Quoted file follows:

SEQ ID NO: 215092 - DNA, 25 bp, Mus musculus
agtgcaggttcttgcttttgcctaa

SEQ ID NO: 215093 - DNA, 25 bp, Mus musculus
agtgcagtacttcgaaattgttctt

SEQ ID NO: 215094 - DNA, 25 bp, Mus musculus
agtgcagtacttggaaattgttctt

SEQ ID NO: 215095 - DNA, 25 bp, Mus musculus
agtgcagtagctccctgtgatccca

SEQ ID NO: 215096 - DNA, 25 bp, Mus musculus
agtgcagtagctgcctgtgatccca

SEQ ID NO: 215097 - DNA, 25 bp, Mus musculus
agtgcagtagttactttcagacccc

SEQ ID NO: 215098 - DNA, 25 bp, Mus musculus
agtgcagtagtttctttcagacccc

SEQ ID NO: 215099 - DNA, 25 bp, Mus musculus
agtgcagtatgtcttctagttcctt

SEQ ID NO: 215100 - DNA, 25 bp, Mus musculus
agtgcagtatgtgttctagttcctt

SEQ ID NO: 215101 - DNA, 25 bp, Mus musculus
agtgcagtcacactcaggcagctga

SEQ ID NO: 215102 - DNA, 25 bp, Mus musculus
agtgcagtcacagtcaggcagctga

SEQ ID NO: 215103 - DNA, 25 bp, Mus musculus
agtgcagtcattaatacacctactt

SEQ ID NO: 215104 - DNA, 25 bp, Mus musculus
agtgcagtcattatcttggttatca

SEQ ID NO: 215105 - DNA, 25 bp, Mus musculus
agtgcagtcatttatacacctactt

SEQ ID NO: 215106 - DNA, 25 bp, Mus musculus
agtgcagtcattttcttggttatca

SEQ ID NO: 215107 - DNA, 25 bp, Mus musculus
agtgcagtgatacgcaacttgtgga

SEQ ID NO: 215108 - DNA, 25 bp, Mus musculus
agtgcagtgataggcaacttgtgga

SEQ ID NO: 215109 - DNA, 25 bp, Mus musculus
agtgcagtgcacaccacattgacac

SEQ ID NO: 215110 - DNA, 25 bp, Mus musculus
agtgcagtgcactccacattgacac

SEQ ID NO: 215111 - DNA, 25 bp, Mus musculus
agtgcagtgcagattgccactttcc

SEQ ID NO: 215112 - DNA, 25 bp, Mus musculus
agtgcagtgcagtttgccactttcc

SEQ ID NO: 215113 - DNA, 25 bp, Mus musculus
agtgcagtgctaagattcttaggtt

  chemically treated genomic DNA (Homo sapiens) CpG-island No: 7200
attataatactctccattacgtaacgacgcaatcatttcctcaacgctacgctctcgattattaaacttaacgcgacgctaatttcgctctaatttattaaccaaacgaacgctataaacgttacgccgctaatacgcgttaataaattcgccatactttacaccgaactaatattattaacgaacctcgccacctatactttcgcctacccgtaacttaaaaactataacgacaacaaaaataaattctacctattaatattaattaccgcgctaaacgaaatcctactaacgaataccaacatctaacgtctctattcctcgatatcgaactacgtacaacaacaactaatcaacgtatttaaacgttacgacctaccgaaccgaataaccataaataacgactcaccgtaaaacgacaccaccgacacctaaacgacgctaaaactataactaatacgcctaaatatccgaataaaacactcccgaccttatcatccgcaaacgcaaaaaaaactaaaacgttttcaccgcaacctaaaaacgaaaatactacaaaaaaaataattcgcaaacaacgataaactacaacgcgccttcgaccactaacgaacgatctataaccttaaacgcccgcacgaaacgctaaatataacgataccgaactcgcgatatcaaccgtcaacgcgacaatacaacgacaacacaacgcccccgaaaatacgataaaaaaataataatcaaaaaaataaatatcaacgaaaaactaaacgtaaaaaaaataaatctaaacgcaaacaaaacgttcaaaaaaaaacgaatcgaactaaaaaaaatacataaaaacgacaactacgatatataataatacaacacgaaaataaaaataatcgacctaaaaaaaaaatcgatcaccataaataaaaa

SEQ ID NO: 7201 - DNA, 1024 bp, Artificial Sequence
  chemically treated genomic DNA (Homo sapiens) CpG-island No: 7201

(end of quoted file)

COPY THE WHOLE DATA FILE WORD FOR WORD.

SEQ ID NO: 215092 - DNA, 25 bp, Mus musculus
agtgcaggttcttgcttttgcctaa

SEQ ID NO: 215093 - DNA, 25 bp, Mus musculus
agtgcagtacttcgaaattgttctt

SEQ ID NO: 215094 - DNA, 25 bp, Mus musculus
agtgcagtacttggaaattgttctt

SEQ ID NO: 215095 - DNA, 25 bp, Mus musculus
agtgcagtagctccctgtgatccca

SEQ ID NO: 215096 - DNA, 25 bp, Mus musculus
agtgcagtagctgcctgtgatccca

SEQ ID NO: 215097 - DNA, 25 bp, Mus musculus
agtgcagtagttactttcagacccc

SEQ ID NO: 215098 - DNA, 25 bp, Mus musculus
agtgcagtagtttctttcagacccc

SEQ ID NO: 215099 - DNA, 25 bp, Mus musculus
agtgcagtatgtcttctagttcctt

SEQ ID NO: 215100 - DNA, 25 bp, Mus musculus
agtgcagtatgtgttctagttcctt

SEQ ID NO: 215101 - DNA, 25 bp, Mus musculus
agtgcagtcacactcaggcagctga

SEQ ID NO: 215102 - DNA, 25 bp, Mus musculus
agtgcagtcacagtcaggcagctga

SEQ ID NO: 215103 - DNA, 25 bp, Mus musculus
agtgcagtcattaatacacctactt

SEQ ID NO: 215104 - DNA, 25 bp, Mus musculus
agtgcagtcattatcttggttatca

SEQ ID NO: 215105 - DNA, 25 bp, Mus musculus
agtgcagtcatttatacacctactt

SEQ ID NO: 215106 - DNA, 25 bp, Mus musculus
agtgcagtcattttcttggttatca

SEQ ID NO: 215107 - DNA, 25 bp, Mus musculus
agtgcagtgatacgcaacttgtgga

SEQ ID NO: 215108 - DNA, 25 bp, Mus musculus
agtgcagtgataggcaacttgtgga

SEQ ID NO: 215109 - DNA, 25 bp, Mus musculus
agtgcagtgcacaccacattgacac

SEQ ID NO: 215110 - DNA, 25 bp, Mus musculus
agtgcagtgcactccacattgacac

SEQ ID NO: 215111 - DNA, 25 bp, Mus musculus
agtgcagtgcagattgccactttcc

SEQ ID NO: 215112 - DNA, 25 bp, Mus musculus
agtgcagtgcagtttgccactttcc

SEQ ID NO: 215113 - DNA, 25 bp, Mus musculus
agtgcagtgctaagattcttaggtt

  chemically treated genomic DNA (Homo sapiens) CpG-island No: 7200
attataatactctccattacgtaacgacgcaatcatttcctcaacgctacgctctcgattattaaacttaacgcgacgctaatttcgctctaatttattaaccaaacgaacgctataaacgttacgccgctaatacgcgttaataaattcgccatactttacaccgaactaatattattaacgaacctcgccacctatactttcgcctacccgtaacttaaaaactataacgacaacaaaaataaattctacctattaatattaattaccgcgctaaacgaaatcctactaacgaataccaacatctaacgtctctattcctcgatatcgaactacgtacaacaacaactaatcaacgtatttaaacgttacgacctaccgaaccgaataaccataaataacgactcaccgtaaaacgacaccaccgacacctaaacgacgctaaaactataactaatacgcctaaatatccgaataaaacactcccgaccttatcatccgcaaacgcaaaaaaaactaaaacgttttcaccgcaacctaaaaacgaaaatactacaaaaaaaataattcgcaaacaacgataaactacaacgcgccttcgaccactaacgaacgatctataaccttaaacgcccgcacgaaacgctaaatataacgataccgaactcgcgatatcaaccgtcaacgcgacaatacaacgacaacacaacgcccccgaaaatacgataaaaaaataataatcaaaaaaataaatatcaacgaaaaactaaacgtaaaaaaaataaatctaaacgcaaacaaaacgttcaaaaaaaaacgaatcgaactaaaaaaaatacataaaaacgacaactacgatatataataatacaacacgaaaataaaaataatcgacctaaaaaaaaaatcgatcaccataaataaaaa

SEQ ID NO: 7201 - DNA, 1024 bp, Artificial Sequence
  chemically treated genomic DNA (Homo sapiens) CpG-island No: 7201